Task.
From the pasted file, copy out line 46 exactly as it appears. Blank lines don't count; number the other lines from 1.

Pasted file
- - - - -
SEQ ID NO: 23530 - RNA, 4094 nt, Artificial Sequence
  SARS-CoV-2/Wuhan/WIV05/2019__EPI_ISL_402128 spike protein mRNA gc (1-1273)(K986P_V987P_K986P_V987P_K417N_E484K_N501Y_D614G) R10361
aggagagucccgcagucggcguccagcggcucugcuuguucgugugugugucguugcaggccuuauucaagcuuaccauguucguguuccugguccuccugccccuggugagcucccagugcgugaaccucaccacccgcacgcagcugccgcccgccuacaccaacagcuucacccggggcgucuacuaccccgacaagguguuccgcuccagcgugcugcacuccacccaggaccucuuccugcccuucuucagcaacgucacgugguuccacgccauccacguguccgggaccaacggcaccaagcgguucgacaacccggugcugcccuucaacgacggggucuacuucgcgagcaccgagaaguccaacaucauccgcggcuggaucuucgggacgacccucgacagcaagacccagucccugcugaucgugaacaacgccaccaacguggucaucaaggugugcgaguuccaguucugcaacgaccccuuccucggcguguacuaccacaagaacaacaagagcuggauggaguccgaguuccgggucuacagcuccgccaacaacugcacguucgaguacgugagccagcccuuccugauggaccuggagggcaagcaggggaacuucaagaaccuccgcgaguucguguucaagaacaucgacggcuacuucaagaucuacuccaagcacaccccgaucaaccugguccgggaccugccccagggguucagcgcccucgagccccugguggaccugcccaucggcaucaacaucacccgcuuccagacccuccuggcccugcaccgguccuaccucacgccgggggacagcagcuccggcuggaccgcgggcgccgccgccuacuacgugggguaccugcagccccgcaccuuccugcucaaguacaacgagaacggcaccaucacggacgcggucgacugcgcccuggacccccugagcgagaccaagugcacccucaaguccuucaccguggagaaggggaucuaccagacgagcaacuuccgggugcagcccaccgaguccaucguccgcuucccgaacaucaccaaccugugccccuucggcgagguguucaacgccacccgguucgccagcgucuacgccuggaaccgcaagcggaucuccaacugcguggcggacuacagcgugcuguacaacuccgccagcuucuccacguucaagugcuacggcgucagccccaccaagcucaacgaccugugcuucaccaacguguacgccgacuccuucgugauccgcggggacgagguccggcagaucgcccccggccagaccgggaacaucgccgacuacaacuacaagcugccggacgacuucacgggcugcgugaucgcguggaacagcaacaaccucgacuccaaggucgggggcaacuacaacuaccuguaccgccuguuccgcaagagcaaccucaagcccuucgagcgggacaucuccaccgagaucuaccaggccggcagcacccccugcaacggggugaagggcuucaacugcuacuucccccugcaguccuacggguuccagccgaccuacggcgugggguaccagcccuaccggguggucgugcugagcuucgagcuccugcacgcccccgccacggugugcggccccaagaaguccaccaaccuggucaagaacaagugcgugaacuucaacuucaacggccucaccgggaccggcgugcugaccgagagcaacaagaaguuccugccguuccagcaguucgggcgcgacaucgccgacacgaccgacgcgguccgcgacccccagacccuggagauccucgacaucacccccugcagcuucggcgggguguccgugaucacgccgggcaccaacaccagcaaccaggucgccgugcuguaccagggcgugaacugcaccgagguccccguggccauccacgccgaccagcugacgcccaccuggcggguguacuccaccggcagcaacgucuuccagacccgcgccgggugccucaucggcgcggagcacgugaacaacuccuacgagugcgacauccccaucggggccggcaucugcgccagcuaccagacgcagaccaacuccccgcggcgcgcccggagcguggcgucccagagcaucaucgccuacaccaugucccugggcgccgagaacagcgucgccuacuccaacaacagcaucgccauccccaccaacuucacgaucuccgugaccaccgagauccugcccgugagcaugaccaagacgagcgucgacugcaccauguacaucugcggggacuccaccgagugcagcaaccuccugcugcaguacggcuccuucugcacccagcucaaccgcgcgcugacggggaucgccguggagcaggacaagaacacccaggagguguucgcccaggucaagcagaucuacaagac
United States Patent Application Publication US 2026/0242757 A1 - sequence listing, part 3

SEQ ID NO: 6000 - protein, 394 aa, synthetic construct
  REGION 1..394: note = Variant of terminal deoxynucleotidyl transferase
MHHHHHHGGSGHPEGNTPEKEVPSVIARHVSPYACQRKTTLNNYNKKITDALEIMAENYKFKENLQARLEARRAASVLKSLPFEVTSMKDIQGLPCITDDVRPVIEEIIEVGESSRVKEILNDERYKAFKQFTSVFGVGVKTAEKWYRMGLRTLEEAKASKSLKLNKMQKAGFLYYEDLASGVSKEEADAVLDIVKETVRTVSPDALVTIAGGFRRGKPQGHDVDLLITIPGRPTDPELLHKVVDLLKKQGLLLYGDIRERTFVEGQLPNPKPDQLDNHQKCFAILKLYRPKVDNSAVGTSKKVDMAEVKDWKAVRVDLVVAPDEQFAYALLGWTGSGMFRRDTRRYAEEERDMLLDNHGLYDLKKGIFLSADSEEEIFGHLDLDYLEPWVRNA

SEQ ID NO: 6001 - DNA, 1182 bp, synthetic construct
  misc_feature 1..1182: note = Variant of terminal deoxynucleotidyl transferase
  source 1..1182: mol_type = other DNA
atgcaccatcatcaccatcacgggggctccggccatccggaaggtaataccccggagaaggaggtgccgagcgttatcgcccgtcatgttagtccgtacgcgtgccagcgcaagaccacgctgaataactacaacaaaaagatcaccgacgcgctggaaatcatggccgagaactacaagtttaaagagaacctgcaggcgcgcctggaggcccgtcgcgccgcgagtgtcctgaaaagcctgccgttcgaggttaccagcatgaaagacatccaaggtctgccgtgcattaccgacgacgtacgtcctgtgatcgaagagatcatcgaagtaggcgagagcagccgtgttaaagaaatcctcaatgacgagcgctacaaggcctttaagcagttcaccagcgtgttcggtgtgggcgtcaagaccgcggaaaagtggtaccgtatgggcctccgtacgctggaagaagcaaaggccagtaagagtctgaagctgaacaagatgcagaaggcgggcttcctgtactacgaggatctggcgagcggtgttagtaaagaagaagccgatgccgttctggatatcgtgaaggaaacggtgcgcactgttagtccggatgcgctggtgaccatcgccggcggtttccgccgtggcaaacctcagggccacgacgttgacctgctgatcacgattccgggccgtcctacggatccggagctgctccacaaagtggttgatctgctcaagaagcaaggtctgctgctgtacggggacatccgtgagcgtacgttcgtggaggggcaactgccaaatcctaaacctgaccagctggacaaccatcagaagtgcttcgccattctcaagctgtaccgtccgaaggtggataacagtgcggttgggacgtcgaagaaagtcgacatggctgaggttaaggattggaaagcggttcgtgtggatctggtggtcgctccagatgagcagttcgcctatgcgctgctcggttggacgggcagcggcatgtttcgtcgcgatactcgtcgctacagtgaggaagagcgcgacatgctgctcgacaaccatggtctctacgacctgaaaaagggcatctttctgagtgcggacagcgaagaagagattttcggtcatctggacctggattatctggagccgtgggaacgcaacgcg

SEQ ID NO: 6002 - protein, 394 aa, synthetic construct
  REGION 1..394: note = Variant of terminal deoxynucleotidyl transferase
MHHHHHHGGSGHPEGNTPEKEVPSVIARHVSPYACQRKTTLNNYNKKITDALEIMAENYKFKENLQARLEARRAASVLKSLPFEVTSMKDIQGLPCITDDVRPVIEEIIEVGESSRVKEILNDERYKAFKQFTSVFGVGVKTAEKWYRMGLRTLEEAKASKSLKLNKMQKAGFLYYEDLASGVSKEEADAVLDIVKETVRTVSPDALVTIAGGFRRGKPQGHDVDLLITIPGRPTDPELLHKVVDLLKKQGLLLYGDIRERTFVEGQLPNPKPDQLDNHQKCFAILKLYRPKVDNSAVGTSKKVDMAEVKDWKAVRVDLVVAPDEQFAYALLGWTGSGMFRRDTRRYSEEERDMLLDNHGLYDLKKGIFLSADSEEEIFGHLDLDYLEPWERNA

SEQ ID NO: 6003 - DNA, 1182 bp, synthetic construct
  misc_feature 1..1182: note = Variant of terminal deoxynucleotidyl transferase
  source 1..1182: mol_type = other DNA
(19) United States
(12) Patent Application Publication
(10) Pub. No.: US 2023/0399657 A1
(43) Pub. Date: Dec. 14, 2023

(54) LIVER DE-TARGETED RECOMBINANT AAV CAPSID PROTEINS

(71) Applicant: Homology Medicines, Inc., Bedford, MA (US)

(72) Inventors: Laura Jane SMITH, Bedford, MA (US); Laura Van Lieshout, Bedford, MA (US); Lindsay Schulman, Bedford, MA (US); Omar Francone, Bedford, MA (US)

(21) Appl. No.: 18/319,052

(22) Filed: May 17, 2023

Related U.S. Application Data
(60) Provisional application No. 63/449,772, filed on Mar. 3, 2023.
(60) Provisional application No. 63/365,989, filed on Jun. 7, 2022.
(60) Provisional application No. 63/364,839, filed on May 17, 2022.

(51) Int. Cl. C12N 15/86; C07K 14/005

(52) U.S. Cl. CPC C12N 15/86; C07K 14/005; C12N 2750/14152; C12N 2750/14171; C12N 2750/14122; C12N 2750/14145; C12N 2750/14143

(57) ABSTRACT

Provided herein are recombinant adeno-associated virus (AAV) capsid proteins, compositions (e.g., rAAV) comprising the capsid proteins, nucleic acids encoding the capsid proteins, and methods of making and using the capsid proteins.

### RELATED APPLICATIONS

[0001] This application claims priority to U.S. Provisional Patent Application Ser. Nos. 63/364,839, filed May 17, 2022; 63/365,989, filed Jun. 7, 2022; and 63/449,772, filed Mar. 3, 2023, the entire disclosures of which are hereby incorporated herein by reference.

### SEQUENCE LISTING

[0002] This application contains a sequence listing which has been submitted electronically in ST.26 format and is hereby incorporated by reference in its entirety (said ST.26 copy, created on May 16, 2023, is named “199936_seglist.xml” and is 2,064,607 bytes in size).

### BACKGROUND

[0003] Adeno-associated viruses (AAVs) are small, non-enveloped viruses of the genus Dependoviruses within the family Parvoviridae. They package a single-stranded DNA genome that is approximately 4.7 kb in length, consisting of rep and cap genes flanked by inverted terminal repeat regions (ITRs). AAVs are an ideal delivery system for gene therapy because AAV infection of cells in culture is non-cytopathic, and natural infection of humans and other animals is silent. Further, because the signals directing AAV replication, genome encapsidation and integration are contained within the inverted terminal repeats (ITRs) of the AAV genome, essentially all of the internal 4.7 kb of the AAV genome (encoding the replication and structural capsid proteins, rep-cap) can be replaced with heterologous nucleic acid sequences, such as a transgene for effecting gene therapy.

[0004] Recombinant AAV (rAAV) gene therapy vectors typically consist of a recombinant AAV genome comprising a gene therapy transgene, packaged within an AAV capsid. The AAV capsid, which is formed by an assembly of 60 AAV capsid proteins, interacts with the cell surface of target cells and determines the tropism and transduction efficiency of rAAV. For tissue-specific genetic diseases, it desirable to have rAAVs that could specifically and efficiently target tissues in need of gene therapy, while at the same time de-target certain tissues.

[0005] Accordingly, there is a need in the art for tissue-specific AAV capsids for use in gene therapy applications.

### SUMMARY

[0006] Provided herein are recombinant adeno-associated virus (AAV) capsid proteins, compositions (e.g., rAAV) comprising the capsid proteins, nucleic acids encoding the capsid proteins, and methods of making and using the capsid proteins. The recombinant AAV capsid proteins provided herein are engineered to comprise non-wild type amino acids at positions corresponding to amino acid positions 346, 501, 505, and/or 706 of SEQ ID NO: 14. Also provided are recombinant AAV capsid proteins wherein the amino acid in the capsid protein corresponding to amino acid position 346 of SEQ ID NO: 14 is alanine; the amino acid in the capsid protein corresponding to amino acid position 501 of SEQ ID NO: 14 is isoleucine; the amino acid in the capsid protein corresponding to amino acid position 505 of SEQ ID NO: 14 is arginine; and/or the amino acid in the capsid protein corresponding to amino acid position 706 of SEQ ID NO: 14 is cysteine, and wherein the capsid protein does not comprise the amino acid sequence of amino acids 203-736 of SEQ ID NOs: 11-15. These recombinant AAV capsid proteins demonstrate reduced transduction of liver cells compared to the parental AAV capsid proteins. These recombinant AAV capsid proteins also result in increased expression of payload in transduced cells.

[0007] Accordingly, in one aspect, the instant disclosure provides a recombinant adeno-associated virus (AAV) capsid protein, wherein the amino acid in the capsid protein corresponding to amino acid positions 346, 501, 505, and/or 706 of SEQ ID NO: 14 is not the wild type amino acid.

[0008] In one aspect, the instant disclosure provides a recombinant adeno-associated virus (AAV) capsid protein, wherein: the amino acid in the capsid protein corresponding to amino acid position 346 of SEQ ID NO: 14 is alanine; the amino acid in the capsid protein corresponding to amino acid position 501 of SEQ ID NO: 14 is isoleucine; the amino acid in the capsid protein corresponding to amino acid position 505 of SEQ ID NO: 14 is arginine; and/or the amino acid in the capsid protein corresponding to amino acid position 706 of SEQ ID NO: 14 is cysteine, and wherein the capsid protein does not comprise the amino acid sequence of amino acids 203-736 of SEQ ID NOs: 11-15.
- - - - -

[0008] In one aspect, the instant disclosure provides a recombinant adeno-associated virus (AAV) capsid protein, wherein: the amino acid in the capsid protein corresponding to amino acid position 346 of SEQ ID NO: 14 is alanine; the amino acid in the capsid protein corresponding to amino acid position 501 of SEQ ID NO: 14 is isoleucine; the amino acid in the capsid protein corresponding to amino acid position 505 of SEQ ID NO: 14 is arginine; and/or the amino acid in the capsid protein corresponding to amino acid position 706 of SEQ ID NO: 14 is cysteine, and wherein the capsid protein does not comprise the amino acid sequence of amino acids 203-736 of SEQ ID NOs: 11-15.